Stacey Gordon

The Voice Of The Cripple By Stacey T. Gordon

Wounded and broken I hobble through life…there’s many things that I would like to share, but who will honestly listen to the handicapped?
I have nothing to offer.
I don’t have the wealth to keep people around. I’m a cripple, wounded by past relationships, broken from abuse and a lack of support.
No one wants to listen to me, I’m not important or attractive in my bed of pain. What can I give through my tears and heartache?
I hobble day after day trying to recover from the many lies, and the broken promises, in a relationship that I believed in.

I shiver in emotional distrust from the cold blooded reality of divorce, the heartless aftermath of drug addiction, and the ruthless hold of poverty.
I would love to be free!
I would love the liberty in having someone special to ease my burdens, or to listen to my heart about my hopes and dreams, and to care enough about me to offer advice about my aspirations and to encourage me with love and understanding.

Each day is hard to deal with, it’s difficult to meet people when everybody reminds you of the hurt and pain that you’ve went through.
Its hard to trust when you’ve been beaten down by domestic violence and crippled emotionally by infidelity.
Its hard to open up your heart when people seem to only care about themselves and what they can get from you.
I don’ t ask for much, I just want to communicate how I really feel.
But the question is ,who cares about what I have to say?
I’m just a voice that people have heard time and time again.
The unemployment office have heard my voice, the welfare office have heard my voice, the police station have heard my voice, the hospital have heard my voice, the pastor have heard my voice, the penitentiary have heard my voice, down on my knees God has heard my voice.

Many nights I have cried out for compassion, yet, my cries of agony and need has fallen upon deaf ears.
I was raised to believe in community, to believe in the common courtesy and the goodwill of your fellow man. I was taught to have love for thy neighbor.
It seems like everything that my parents told me was right, people ignore today. Most of my life I was there for other people, and now in my time of need I’m alone in my wheelchair of incarceration, in my wheelchair of being discriminated upon by the horrors of racism and bigotry.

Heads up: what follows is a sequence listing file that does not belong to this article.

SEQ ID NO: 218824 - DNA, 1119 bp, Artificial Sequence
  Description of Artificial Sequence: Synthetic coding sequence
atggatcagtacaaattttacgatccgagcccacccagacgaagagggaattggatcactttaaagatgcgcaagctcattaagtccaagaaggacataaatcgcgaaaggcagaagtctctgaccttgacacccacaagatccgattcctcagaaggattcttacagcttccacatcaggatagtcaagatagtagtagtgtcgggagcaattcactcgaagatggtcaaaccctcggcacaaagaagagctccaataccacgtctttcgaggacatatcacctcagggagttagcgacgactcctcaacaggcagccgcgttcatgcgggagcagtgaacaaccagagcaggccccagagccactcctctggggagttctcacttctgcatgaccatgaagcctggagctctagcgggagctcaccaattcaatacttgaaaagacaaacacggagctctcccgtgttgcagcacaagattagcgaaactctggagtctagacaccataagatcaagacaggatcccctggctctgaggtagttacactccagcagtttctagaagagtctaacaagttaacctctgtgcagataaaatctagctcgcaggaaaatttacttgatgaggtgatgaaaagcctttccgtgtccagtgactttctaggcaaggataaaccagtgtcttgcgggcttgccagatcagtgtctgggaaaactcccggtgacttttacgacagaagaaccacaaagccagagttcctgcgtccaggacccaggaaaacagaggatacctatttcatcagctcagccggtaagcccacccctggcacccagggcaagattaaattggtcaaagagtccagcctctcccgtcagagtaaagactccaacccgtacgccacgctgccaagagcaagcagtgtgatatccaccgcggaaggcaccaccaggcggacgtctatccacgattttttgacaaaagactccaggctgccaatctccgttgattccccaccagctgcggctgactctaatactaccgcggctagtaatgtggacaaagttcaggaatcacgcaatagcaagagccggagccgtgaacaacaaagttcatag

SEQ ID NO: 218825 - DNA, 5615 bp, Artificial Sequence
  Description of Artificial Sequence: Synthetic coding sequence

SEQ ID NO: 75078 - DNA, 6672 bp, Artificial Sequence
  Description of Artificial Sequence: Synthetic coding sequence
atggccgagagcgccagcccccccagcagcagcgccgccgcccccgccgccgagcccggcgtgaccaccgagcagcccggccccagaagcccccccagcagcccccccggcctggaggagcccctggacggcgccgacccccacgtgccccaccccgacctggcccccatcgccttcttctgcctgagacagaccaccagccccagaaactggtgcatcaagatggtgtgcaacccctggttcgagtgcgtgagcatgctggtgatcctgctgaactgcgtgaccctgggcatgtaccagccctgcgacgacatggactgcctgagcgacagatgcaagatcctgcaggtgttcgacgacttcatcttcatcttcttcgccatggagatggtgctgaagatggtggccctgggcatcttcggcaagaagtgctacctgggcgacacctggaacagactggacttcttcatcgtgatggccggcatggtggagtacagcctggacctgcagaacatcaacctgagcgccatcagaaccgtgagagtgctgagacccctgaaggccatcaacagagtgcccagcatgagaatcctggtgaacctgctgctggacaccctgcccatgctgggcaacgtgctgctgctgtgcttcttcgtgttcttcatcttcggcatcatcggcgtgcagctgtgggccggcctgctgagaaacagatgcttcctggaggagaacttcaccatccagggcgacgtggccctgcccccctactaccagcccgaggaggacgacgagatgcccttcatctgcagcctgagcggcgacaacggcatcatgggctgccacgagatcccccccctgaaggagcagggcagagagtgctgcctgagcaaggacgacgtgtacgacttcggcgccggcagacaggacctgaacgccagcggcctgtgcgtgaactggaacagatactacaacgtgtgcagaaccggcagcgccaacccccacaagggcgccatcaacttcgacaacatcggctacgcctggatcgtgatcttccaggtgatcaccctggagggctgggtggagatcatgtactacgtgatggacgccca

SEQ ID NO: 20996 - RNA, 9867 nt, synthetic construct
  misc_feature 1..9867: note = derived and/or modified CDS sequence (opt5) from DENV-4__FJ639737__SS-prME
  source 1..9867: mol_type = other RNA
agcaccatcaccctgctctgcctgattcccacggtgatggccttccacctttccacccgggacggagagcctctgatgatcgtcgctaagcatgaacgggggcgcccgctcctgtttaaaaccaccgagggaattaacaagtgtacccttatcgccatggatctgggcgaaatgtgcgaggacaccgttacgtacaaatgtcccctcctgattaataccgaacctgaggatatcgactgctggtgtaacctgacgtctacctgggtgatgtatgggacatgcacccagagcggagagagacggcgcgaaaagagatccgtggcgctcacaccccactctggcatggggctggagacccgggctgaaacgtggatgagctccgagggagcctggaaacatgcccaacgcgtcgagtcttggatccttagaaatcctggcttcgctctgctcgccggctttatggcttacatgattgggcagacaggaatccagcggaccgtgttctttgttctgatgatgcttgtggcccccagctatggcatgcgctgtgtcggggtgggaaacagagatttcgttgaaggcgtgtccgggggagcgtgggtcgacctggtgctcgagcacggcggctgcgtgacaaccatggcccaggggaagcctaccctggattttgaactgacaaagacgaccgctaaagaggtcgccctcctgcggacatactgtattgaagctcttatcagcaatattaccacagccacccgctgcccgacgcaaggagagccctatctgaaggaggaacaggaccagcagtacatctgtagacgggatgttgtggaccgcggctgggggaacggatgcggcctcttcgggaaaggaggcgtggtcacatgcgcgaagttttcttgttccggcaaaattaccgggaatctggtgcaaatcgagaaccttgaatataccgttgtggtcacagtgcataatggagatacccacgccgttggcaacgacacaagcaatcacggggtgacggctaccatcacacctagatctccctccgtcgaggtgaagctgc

The streets is unforgiving and unmerciful. I’m handicapped by lack of opportunity.
Trying to survive many nights and early mornings, I hustled by panhandling, I hustled aluminum, plasma centers, stripper joints, boosting stores, selling pot, pills, and dummy sacks…
I’m wounded by my own character.
I’m Leary of everybody!
The long arms of predators and pistol toting gang bangers threaten every dollar that’s made with the possibility of robbery and death.

I’m tired..but who cares about the voice of the cripple?
Immobilized by environmental conditions of dilapidated houses and projects.
Immobilized by excess child support, and reposessed vehicles.
In Urban cities, and rural areas across America, the voice of the cripple reminds us all, that poverty, pain, dysfunctional families, the homeless, and the unloved doesn’t discriminate.
From the Whitehouse to the protects, from Hollywood to the unemployment line, who can say I have need of no one?
The rich and famous are overdosing on drugs and committing suicide.
Although these same people were surrounded by fans and worshippers, looking for money,autographs, and how to gain favor and make it to the top.
How many heard their cry? There’s always signs and actions that will draw us to the voice of the cripple. If we care enough to listen to anything besides our own selfish needs and desires from the bedroom to the bank account .

A wise prophet by the name of Jesus once said: Only the sick need a physician.
If a person is in denial about their own issues, he or she can never get the help they need to become better people.
The beautiful hope of humanity is that through the gift of love we have the power to be one another’s keeper, by feeding the poor, educating the uneducated, adopting children, helping the elderly, healing the sick, spreading the message of recovery, and being lawful citizens toward one another.
We all have issues, flaws, and shortcomings. Yet, we also have the power to be one another’s physician through wise counsel, love and support.
In a world of violence, hate, crime, racism, sexism, and many addictions, as a people, in the intricate fiber of diversity that weaves the fabric of who we are as a nation we all need to be heard.

The voice of the cripple cries out all around us, the only question is do you care enough about your fellow man to respond and make the world a better place?

Stacey Gordon
DOC #r151-919

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